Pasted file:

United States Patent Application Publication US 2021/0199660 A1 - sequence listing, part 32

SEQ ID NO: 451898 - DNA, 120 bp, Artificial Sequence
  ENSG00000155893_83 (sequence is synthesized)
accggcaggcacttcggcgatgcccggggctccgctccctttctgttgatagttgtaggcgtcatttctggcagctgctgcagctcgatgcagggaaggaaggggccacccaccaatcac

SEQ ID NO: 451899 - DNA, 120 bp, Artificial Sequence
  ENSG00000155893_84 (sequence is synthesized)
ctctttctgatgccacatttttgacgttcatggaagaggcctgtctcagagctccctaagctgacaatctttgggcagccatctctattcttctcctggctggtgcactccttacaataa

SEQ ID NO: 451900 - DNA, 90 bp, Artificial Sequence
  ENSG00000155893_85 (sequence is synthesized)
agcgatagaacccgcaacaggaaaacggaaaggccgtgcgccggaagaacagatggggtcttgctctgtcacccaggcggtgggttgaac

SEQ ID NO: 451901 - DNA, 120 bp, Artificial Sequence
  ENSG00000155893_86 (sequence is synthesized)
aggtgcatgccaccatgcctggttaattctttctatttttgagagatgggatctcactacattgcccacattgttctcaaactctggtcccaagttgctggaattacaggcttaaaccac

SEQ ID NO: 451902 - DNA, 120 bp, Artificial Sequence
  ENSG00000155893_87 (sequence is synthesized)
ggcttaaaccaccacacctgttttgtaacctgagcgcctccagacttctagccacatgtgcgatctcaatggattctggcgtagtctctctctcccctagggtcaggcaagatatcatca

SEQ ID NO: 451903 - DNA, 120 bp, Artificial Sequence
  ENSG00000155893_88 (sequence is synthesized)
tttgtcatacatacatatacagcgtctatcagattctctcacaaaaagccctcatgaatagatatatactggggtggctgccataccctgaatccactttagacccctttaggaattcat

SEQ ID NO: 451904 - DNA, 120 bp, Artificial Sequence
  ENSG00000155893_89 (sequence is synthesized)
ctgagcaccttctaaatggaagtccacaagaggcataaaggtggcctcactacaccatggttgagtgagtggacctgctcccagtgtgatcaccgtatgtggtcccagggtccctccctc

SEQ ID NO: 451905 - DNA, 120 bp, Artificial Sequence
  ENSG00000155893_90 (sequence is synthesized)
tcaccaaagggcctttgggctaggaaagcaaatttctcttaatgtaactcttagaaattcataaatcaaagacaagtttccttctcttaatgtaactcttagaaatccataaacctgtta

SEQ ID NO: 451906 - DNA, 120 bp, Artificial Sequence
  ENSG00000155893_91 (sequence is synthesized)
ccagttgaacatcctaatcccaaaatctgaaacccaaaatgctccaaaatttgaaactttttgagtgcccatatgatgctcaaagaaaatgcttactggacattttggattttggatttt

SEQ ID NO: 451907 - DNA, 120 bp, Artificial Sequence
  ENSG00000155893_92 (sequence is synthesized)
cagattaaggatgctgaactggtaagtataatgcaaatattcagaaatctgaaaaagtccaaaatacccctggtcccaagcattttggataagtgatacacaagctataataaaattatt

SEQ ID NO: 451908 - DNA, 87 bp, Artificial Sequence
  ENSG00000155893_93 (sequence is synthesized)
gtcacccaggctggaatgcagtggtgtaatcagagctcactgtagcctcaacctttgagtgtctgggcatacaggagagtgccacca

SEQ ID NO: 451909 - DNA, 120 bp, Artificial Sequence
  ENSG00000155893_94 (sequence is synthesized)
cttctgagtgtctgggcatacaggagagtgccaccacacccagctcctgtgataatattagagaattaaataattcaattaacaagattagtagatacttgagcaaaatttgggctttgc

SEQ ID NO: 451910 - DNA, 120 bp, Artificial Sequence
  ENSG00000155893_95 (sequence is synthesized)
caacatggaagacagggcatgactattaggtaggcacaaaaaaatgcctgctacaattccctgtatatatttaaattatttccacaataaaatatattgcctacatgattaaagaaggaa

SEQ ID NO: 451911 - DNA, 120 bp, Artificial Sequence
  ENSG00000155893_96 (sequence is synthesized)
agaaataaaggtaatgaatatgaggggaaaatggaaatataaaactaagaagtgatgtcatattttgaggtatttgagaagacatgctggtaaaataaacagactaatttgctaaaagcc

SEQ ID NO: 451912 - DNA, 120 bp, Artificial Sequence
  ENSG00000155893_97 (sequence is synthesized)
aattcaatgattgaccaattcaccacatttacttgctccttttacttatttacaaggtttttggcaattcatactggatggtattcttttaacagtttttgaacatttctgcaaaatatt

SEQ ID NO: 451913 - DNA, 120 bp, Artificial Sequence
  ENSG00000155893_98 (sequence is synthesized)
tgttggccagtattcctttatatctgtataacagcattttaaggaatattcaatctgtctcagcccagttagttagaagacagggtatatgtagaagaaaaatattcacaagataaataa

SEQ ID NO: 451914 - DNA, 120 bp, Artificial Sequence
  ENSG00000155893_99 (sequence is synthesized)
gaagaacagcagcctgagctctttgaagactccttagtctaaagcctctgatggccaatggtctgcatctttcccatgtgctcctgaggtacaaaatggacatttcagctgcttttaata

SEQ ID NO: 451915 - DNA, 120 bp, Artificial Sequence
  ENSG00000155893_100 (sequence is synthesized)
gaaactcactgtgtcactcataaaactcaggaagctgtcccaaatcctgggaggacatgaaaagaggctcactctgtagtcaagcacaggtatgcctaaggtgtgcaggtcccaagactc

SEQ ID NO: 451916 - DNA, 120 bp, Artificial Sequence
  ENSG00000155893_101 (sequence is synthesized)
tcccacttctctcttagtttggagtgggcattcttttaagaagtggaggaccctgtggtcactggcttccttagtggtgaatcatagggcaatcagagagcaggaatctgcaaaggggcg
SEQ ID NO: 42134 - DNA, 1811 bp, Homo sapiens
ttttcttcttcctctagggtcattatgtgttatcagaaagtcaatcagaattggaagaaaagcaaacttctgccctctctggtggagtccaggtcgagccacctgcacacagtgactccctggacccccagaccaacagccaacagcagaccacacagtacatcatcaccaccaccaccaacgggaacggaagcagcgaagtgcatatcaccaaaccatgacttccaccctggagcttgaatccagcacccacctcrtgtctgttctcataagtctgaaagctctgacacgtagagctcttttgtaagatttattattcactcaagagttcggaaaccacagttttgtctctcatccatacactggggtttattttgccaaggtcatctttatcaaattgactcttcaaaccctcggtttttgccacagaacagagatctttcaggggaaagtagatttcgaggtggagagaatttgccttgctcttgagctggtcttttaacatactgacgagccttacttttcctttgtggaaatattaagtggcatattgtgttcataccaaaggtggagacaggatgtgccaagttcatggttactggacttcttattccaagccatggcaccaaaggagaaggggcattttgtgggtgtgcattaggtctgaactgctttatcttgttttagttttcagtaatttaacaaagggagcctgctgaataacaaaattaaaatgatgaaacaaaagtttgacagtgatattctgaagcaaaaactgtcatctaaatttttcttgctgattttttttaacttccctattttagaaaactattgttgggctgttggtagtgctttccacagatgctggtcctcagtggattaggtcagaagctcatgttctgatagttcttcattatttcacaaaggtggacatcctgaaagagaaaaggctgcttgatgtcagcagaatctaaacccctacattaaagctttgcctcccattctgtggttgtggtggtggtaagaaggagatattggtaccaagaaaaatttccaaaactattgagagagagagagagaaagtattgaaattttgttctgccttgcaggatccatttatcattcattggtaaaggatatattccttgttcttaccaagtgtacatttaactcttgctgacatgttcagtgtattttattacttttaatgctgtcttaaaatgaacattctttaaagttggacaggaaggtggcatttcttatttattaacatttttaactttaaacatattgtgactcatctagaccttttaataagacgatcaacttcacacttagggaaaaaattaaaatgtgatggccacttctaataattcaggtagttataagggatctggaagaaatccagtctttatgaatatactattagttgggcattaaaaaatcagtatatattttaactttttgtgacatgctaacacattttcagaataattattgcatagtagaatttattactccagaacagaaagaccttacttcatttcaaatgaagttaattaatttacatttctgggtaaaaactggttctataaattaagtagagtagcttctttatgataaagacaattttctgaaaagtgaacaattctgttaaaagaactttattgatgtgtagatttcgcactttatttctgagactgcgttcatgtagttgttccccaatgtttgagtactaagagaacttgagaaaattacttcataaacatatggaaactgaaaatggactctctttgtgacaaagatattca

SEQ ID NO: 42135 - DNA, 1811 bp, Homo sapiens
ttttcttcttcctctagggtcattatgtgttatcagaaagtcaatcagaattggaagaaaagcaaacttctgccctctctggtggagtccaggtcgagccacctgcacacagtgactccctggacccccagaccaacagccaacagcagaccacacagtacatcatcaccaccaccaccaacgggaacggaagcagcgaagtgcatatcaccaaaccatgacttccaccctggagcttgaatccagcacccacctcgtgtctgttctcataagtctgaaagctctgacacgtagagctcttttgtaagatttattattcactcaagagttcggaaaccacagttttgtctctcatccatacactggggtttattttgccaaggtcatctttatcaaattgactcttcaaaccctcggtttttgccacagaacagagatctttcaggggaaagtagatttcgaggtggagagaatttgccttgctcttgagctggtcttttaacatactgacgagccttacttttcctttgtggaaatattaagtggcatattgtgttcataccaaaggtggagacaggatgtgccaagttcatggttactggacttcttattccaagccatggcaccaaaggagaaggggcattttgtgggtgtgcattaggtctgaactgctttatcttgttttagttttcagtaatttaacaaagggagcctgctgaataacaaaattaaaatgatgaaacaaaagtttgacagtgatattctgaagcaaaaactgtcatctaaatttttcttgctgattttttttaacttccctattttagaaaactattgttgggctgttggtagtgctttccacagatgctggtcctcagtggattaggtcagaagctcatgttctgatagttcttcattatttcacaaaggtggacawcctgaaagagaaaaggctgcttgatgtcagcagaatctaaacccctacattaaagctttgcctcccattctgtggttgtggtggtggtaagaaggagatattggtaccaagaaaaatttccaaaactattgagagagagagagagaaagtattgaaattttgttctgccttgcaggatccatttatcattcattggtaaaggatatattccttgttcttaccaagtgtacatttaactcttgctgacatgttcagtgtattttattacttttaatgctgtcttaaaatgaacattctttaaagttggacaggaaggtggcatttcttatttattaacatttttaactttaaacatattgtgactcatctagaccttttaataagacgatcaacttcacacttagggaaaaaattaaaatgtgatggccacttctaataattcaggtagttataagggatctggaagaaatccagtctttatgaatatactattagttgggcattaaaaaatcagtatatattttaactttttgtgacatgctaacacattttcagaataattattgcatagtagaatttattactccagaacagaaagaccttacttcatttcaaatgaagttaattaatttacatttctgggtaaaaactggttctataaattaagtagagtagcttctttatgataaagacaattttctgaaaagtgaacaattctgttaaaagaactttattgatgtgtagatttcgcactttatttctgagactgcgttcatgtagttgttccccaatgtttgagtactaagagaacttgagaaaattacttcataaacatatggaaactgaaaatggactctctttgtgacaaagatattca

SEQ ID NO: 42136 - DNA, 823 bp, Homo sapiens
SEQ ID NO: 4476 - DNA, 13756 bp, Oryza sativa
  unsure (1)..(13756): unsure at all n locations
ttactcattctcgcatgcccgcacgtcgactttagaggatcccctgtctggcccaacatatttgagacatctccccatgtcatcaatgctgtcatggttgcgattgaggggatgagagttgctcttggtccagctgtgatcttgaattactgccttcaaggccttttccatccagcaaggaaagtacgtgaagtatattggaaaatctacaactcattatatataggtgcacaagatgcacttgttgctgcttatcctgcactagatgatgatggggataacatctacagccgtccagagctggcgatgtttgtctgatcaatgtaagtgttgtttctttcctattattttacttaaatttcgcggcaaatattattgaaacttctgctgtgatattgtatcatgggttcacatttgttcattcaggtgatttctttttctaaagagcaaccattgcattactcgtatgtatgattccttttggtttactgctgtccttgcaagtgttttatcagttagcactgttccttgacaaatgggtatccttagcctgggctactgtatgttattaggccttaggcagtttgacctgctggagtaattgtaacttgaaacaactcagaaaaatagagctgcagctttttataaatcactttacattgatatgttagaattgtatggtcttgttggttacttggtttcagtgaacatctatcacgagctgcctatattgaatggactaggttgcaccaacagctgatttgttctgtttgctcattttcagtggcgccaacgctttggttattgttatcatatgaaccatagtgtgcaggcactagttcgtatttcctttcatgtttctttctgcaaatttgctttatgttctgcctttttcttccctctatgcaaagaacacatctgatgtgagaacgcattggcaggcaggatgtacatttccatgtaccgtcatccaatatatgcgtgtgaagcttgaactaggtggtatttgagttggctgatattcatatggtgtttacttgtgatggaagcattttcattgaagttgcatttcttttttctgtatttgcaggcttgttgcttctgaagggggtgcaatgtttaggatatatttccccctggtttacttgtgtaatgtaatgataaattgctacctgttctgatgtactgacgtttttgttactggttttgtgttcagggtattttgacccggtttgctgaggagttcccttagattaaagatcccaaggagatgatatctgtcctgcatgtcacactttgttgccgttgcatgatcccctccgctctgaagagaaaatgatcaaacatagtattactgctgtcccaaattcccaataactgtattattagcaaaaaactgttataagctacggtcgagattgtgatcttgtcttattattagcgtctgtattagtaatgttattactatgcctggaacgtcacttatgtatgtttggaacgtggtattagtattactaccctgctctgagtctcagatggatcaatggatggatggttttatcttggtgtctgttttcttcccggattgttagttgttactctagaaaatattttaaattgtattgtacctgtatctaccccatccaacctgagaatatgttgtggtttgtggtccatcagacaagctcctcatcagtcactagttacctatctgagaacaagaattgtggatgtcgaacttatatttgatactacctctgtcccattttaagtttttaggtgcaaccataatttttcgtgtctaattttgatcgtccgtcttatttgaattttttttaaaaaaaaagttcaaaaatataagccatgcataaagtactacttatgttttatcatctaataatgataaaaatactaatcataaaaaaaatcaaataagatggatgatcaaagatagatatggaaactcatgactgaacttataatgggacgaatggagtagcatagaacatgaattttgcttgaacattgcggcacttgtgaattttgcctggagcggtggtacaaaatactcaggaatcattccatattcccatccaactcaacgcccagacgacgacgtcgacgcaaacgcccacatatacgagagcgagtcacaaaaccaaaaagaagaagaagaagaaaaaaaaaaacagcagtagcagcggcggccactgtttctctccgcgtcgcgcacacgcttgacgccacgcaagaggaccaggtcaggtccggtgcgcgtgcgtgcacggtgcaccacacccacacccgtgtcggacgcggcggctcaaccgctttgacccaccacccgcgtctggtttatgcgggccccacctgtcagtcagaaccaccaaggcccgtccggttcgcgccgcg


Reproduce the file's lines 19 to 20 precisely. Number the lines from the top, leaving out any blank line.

tttgtcatacatacatatacagcgtctatcagattctctcacaaaaagccctcatgaatagatatatactggggtggctgccataccctgaatccactttagacccctttaggaattcat

SEQ ID NO: 451904 - DNA, 120 bp, Artificial Sequence